Q: I just bought a home two weeks ago. On the day we closed, when I met the seller’s agent at the house to get the keys and move in, there was a tag on the door from the water company.

The tag was a warning that the previous month of water usage was very high and there must be a leak on the property. I have now verified that there is a leak. It is somewhere between the meter and the house.

The sellers’ agent told me she would look into it. I still have the form that has the date of the meter reading and time. The time of the reading was before we actually closed on the property.

This is clearly an existing condition that nobody knew about until the city posted the warning. Should the seller repair the leak since it was present before I closed on the property?

A: The answer to your question depends on the terms of your contract. If your contract provides that the seller must make repairs to the property for issues that are evident prior to the closing, the sellers might be obligated to make the repair.

The real question is, why you didn’t get something in writing from the seller’s indicating their agreement to make repairs? Or, why you didn’t delay closing until you investigated the issue further? And finally, why you didn’t hold back money to make sure that the sellers’ actually fix the problem?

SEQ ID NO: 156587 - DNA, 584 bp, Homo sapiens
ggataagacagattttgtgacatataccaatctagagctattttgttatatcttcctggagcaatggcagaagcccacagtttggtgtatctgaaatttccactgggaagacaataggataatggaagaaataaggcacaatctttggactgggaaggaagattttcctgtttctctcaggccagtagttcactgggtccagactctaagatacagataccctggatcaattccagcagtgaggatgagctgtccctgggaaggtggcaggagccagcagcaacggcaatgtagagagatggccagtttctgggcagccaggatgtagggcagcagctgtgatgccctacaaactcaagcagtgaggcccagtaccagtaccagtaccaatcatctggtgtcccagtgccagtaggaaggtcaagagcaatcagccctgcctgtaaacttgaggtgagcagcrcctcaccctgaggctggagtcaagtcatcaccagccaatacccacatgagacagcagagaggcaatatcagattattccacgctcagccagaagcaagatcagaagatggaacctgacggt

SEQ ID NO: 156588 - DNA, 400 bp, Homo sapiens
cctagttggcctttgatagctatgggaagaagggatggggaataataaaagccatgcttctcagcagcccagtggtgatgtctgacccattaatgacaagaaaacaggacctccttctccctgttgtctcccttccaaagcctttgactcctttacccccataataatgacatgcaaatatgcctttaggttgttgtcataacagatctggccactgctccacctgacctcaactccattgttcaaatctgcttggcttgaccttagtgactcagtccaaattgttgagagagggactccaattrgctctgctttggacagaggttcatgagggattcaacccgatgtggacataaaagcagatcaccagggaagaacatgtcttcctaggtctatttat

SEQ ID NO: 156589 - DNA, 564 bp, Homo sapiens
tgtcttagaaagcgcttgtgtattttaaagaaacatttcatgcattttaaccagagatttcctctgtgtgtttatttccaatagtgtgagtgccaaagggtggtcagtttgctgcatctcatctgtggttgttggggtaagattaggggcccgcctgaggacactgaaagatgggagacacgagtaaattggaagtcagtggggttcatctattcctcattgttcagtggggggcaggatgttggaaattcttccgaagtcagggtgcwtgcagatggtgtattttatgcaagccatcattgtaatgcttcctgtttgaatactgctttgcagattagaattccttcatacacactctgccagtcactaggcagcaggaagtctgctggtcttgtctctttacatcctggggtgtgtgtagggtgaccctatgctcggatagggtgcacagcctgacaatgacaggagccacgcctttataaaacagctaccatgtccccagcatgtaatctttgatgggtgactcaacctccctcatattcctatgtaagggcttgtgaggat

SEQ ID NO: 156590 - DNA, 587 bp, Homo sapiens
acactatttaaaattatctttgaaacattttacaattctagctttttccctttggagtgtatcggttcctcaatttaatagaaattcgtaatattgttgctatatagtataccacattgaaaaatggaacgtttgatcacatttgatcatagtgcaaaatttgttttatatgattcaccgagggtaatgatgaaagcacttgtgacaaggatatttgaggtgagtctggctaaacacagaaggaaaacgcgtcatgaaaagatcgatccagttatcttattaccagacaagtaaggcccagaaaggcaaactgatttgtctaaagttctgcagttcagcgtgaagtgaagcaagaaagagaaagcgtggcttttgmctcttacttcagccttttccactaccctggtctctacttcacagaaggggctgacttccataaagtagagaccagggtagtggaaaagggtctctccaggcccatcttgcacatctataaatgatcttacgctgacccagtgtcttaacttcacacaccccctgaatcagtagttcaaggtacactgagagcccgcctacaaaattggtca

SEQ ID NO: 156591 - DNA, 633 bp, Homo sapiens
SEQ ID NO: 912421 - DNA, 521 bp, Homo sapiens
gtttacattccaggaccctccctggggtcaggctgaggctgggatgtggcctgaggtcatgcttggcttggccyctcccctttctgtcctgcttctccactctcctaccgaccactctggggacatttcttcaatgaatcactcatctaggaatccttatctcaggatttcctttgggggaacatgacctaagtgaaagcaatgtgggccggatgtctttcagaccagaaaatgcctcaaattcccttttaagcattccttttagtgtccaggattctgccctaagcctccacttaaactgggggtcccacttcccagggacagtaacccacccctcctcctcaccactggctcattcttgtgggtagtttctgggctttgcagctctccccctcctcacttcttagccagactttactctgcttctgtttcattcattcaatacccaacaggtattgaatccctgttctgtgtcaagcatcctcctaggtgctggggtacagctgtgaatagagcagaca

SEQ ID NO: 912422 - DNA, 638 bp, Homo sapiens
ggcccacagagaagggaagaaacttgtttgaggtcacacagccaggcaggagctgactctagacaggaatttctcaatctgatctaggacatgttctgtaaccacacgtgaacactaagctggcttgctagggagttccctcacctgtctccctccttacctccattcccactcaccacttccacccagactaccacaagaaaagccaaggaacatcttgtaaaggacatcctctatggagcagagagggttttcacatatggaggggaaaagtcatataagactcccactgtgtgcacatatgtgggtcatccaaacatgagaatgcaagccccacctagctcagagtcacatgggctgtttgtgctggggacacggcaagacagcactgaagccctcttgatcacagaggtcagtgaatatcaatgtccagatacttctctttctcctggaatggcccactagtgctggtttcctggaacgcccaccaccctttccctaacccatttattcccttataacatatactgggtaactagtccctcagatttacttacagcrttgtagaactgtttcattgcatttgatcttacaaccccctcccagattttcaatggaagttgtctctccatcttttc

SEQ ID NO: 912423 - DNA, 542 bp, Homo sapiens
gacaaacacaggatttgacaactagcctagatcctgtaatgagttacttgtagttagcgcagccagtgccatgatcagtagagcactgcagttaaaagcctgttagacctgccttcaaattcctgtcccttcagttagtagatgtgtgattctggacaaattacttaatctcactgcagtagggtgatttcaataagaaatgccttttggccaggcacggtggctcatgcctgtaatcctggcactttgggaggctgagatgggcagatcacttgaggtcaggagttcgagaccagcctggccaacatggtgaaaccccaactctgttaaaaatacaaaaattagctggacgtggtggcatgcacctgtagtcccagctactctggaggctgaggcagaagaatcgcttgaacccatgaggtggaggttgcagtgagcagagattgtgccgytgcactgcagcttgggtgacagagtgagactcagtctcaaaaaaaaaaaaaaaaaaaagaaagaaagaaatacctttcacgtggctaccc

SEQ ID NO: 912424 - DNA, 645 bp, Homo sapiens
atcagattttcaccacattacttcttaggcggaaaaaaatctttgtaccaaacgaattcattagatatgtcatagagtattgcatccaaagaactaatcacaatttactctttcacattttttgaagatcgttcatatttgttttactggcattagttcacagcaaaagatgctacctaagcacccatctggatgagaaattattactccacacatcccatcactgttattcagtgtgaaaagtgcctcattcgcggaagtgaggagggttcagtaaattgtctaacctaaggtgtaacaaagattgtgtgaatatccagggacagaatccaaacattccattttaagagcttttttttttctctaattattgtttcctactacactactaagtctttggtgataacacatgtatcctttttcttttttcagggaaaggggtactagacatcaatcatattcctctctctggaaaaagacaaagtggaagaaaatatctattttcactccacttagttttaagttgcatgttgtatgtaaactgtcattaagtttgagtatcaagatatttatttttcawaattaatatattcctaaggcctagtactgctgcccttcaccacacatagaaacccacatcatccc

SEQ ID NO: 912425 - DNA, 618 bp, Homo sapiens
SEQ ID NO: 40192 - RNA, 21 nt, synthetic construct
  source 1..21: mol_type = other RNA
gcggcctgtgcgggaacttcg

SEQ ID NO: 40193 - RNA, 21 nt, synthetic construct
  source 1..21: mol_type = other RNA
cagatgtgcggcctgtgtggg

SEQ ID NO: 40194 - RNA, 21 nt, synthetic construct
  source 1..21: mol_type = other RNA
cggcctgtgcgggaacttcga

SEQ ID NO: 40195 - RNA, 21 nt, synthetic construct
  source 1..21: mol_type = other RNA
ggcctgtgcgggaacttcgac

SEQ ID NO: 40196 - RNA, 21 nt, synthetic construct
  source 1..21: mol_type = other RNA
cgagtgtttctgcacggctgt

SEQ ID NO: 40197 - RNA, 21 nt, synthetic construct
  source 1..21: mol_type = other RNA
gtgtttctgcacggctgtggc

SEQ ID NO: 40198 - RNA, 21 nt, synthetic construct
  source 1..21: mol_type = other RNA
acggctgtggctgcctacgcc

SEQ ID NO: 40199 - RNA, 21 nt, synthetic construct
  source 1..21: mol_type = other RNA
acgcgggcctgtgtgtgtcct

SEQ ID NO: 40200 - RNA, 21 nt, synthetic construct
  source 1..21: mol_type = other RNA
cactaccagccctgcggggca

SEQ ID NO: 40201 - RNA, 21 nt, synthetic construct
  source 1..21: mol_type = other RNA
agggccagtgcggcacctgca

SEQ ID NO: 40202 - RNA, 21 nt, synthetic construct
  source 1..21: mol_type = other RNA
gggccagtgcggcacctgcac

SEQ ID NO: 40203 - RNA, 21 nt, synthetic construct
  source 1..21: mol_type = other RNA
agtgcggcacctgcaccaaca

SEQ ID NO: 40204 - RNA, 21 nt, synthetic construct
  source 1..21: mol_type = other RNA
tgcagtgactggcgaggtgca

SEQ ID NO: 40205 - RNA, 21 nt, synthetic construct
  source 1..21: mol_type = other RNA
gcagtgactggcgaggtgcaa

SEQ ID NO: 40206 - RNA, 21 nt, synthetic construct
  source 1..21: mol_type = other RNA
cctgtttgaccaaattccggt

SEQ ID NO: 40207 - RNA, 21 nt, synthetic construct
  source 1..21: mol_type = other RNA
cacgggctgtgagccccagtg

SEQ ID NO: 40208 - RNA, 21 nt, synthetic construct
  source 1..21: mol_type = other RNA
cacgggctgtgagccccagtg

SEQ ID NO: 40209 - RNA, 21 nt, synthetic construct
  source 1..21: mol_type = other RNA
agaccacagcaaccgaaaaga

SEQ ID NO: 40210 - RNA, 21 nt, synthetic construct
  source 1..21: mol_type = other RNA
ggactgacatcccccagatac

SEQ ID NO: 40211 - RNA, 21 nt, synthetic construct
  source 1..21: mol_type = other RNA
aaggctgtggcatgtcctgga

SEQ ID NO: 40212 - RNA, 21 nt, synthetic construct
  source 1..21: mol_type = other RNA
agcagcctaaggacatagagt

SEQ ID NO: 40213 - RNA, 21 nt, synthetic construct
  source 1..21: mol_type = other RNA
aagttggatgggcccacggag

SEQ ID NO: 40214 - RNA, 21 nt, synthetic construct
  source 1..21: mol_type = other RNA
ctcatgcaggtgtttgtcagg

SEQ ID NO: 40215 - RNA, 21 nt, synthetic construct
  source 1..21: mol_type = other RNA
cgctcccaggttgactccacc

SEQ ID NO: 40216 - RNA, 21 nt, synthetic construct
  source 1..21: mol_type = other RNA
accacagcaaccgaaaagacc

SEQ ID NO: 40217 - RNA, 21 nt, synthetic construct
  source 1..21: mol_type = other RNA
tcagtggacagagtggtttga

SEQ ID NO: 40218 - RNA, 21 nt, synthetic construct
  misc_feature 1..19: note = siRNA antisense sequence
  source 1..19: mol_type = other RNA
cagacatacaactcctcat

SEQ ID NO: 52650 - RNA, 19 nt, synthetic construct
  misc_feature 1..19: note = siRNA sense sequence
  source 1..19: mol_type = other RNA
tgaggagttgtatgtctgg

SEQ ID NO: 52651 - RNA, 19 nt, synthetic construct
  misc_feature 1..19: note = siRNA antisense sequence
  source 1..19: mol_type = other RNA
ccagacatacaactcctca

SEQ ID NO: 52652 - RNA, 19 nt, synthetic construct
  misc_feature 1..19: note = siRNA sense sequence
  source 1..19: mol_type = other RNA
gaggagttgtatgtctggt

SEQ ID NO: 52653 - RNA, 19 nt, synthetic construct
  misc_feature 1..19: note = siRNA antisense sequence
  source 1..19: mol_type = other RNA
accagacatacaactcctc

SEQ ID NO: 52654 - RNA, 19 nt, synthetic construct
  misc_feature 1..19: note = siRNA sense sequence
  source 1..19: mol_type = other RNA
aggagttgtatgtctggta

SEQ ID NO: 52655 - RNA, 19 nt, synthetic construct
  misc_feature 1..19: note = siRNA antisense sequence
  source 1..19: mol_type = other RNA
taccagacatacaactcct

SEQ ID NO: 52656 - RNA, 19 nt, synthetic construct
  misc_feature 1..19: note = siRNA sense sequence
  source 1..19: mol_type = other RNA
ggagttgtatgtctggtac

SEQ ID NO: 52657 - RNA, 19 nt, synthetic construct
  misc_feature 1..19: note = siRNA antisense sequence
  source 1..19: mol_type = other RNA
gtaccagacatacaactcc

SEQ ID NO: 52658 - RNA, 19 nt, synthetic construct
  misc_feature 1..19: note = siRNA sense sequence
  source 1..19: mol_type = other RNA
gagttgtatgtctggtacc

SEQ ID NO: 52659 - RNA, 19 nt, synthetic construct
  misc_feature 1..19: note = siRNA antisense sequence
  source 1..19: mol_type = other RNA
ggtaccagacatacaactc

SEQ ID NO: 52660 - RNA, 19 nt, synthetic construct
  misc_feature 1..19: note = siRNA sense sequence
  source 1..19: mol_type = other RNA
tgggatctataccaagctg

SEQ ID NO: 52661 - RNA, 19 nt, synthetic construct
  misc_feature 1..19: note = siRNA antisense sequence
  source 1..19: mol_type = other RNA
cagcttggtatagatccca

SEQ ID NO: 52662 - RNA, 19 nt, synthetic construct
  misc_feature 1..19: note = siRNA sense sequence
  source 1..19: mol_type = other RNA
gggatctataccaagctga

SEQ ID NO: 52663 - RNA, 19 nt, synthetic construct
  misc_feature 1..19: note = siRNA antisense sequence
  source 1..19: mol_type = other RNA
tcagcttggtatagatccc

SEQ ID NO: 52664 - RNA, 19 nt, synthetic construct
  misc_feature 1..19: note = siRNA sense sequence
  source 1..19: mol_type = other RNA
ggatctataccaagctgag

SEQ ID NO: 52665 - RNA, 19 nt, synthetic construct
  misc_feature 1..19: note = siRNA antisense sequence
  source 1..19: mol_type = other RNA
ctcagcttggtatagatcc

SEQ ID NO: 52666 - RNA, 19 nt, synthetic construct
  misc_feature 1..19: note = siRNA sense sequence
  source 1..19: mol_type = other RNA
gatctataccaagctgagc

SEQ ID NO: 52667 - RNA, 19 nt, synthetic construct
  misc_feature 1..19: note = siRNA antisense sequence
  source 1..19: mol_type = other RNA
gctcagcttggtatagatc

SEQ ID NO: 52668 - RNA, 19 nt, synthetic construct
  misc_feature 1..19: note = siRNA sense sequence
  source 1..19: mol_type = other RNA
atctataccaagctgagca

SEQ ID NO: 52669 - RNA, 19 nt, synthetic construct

Many states have seller disclosure laws, but the sellers’ responsibility for disclosure is generally for matters known to the seller. You indicated that nobody knew of this issue which would mean that the sellers did not know, couldn’t disclose to you and probably have no obligation to make a repair under many state seller disclosure laws.

Since you’ll have to make the repair yourself, you should get three estimates and hope that the repair isn’t too extensive. The listing agent told you she would look into it but didn’t agree to make any payments or promises. It’s likely that you’ll end up having to pay for the repair yourself.

You should obtain copies of water bills from your local municipality for the prior two years to see when the increase in water usage was evident. You then should take that information, along with your real estate contract and the tag placed on your door to a real estate attorney in your area to determine whether you might have a case against the seller.

If the fix is minor, you may decide to take care of it yourself. If the repair is major, you might want to move forward (so you’re not running up an enormous water bill) and meet with an attorney. If the water bill shot up so high at one specific bill, the seller’s would have known there was a problem with the house and probably would have had an obligation to disclose the issue to you.

But if the problem arose on the bill just before the sale, it might not be enough for the sellers to have known they had a problem with their water main.